Day 148, Year 1: Sixth Day, Windbird’s Passage to the Galapagos
Date: Tuesday, March 14, 2006
Weather and Wind: Clear skies and calm seas; winds 1 to 6 knots SSW
Daytime Air Temperature: 81 degrees F daytime
Water Temperature: 79 degrees F and dropping
Latitude: 00 degrees 14 minutes
Longitude: 088 degrees 40 minutes
Location: Panama to Galapagos Passage, Day 6
Miles to 00 degrees 00 minutes:
Tonight is the night. We will reach the equator about 2030 and should be anchored in Puerto Ayoro in the Galapagos by mid-afternoon tomorrow. The excitement is building!
Today was a very quiet day. As the full moon set in the West around 0630 this morning, we had a subtle, but beautiful, sunrise in the East. During the night, Mark wrote another installment of Captain’s Ramblings. That is copied below. Our next log will come to you from the Galapagos. And for those reading this, don’t forget to celebrate with us tonight at about 8:30 PM EST.
Captain’s Ramblings II:
Maybe this is the way sailing is for my multi-hull friends (Is this right Ron & Suzie?). I can set a drink down and not worry about it spilling. Well, actually I worry because I am a mono-hull sailor and everything falls off the table when we sail – usually. But now everything is staying put. We are not heeled over. And yet we are doing six to seven knots. We are on a broad reach with light winds and no waves, just the large, gentle Pacific swell. The swell is so large that it hides the boat traveling with us up to above the boom – probably eight feet or so. But the distance between swells must be several hundred yards so we hardly feel them. Instead of rocking over the waves like a hobby horse, we gently rise with the swell and slide softly down the other side. The effect is mesmerizing. I can understand why Balboa (it was Balboa, wasn’t it) called it the “Pacific.” It is so peaceful.
Of course, we are not always sailing. This is the Doldrums after all. We have probably motored about half the time on the trip from Panama to the Galapagos. Because we want to conserve on fuel we have gone slow. Motoring at 1800 RPM’s we use about half a gallon of diesel per hour. At 2400 RPM’s we use a little more than a gallon per hour. But while fuel consumption is doubled, speed is only increased about 20 percent: from about 5 knots to 6 knots. We are in no hurry, so the extra speed is just not worth it. Besides, we have had a positive current with us of about one and a half to two knots for almost the entire passage. So our five knots turns into almost seven knots over the bottom. Motoring at 1800 is also a lot quieter. The hum of the engine is always with us, but it is not loud so that we don’t even notice it and feel almost as though we were sailing.
Since our computer stopped working a couple days ago we have decided to buy a new one. My immediate thought was that I needed to talk to someone who knew what the best computers for the money were. So I used the satellite phone to call Steve Bothwick who is the computer guru for New Hampshire Public Radio. Doreen Kilby answered the phone at the office and I was suddenly back home again and feeling very much among friends. We bought our satellite phone from Doreen, whose husband had it when he was stationed in Afghanistan. She got Steve on the phone and, sure enough, he had the answers I needed. Then he transferred me to Maureen Anderson because I so wanted to talk to everyone on the staff and I knew that Maureen would convey my feelings to them. It was a short call (satellite phone calls are expensive), but I was reminded of just how much I miss all the crew at NHPR, the staff and the board. I spent a lot of time in the hours after that call thinking of each and every friend I have back there.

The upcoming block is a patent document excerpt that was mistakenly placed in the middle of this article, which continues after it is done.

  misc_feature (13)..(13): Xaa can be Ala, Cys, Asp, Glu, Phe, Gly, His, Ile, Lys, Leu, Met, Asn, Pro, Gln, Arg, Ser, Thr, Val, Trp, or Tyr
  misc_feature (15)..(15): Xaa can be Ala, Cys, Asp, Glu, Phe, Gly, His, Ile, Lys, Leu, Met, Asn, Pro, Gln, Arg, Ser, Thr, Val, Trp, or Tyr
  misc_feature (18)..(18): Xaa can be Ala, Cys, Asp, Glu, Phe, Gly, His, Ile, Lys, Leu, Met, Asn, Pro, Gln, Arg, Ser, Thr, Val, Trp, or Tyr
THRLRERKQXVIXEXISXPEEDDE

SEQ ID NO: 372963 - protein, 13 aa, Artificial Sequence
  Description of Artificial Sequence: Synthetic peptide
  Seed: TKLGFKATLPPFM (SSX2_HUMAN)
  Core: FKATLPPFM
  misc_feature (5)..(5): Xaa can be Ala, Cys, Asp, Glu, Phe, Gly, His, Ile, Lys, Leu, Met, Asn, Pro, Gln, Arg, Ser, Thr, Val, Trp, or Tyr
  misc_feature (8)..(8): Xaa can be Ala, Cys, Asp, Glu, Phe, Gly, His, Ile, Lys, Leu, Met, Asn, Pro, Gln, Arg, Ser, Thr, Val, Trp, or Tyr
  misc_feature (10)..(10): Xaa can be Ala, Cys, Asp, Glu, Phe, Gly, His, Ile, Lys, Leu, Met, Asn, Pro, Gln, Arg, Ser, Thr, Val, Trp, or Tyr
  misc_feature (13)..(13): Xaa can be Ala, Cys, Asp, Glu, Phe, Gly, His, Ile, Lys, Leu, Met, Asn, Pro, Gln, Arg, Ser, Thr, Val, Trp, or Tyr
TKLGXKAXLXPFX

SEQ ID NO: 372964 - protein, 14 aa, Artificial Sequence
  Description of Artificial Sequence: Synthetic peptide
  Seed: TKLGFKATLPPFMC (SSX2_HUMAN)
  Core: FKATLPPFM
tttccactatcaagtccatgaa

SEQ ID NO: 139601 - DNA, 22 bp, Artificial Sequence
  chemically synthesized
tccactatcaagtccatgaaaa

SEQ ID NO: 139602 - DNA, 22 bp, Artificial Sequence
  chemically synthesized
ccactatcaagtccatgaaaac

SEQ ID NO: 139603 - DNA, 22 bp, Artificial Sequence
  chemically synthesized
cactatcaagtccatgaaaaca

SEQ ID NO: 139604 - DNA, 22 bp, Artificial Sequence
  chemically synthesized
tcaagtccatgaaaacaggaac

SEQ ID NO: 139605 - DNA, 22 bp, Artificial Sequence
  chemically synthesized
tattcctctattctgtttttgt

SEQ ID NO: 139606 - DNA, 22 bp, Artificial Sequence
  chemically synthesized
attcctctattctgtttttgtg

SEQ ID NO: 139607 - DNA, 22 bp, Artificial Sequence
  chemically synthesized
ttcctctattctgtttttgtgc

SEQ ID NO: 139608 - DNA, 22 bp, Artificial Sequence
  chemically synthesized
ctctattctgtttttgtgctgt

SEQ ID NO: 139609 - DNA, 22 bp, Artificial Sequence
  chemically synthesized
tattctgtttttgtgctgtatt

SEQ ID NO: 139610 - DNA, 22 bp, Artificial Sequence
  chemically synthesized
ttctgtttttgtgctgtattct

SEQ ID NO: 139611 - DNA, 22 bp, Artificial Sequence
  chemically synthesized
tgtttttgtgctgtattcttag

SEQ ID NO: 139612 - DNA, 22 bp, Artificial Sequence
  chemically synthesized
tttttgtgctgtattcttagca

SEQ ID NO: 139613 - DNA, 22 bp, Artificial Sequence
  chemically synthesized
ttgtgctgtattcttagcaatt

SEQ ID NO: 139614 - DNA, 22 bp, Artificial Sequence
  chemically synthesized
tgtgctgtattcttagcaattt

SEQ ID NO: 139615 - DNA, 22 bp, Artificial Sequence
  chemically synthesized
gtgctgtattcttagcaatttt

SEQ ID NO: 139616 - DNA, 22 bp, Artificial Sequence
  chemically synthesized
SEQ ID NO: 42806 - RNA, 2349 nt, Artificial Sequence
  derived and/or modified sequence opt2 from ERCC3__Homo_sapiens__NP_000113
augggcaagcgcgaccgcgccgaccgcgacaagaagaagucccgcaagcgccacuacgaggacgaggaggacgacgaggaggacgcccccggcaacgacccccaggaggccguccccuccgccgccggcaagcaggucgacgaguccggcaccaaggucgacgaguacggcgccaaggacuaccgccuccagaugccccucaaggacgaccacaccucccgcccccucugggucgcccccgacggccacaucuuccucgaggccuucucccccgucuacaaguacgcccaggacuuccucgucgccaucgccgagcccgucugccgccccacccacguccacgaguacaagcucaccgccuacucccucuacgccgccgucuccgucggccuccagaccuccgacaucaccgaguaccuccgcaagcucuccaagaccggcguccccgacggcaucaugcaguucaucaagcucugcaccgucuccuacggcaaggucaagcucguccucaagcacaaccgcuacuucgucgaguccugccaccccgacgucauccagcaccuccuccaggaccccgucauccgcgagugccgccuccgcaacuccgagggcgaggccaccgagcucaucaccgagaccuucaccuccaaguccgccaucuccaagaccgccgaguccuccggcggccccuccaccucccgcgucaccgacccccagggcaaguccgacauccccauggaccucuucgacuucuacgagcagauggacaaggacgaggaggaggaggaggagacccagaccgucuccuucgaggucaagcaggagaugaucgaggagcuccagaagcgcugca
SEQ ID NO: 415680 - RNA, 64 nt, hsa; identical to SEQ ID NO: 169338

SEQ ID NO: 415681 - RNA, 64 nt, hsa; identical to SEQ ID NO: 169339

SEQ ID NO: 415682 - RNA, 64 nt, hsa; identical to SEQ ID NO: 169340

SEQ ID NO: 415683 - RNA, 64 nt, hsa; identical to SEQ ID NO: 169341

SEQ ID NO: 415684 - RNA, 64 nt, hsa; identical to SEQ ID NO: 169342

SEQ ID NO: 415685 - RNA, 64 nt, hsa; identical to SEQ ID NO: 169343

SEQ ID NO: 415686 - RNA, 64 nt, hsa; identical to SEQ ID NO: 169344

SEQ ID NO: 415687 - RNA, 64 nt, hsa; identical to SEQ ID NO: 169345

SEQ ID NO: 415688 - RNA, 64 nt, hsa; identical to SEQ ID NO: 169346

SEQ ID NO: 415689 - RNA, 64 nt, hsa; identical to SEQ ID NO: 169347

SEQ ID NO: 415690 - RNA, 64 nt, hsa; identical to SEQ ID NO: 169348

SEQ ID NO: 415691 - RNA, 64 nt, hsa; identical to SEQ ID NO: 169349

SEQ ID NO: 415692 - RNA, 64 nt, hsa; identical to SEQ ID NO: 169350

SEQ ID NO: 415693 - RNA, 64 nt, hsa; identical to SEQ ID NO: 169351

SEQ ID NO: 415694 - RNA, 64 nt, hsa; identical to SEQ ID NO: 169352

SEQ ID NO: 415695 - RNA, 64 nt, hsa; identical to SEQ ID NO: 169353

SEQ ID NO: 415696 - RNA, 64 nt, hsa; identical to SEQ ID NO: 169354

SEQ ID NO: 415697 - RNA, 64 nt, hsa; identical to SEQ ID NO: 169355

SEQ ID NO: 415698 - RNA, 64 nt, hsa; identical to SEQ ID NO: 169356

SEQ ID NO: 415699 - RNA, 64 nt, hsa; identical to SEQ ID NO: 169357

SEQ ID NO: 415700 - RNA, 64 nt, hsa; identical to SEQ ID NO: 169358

When I think of all our friends, I want to write them each a personal letter. But then, it doesn’t get done. I just can’t seem to find time. You would think that we would have lots of time in this lifestyle. After all, we are retired (at least for now) and we are sailing, which is supposed to be a relaxing activity. And it is relaxing. But it is also demanding. We get up every day with a list of things that need to be done. Judy writes about some of them in our log. The ocean is a harsh environment. Metals rust, salt builds up on everything exposed, and the constant movement of the boat causes chafe and wear on all sorts of things. The sun deteriorates any finish so that varnishing of wood is a never-ending job. Canvas covers and shades need water-proofing. Stitching deteriorates in the hot tropical sun and needs to be re-sewn. And computers and cameras stop working because of the humid environment. We patch torn sails, sew webbing on areas of the dodger and bimini prone to chafe, sand and varnish woodwork, clean scum off the bottom of the dingy and off the waterline of the boat, change the engine oil and filters, replace a broken bolt on the alternator, grease the pump mechanism on the head, and put grease in the gear box of the water-maker. And the list goes on and on. But I am not complaining. After all, the definition of cruising is “working on your boat in exotic locations.” How else could I get to these exotic locations! And once there, we have to tear ourselves away from boat work to enjoy the place we visit. For those of you who know us, Judy and I have always drunk life from a fire hose. We don’t know how to do anything half way. We are constantly trying to fit ten activities into the time that any sane person would only attempt one or two. And we love it that way. So, if we don’t write, at least we hope our friends will read our logs (which are our letters home, after all) and keep us in their thoughts as they are in ours.
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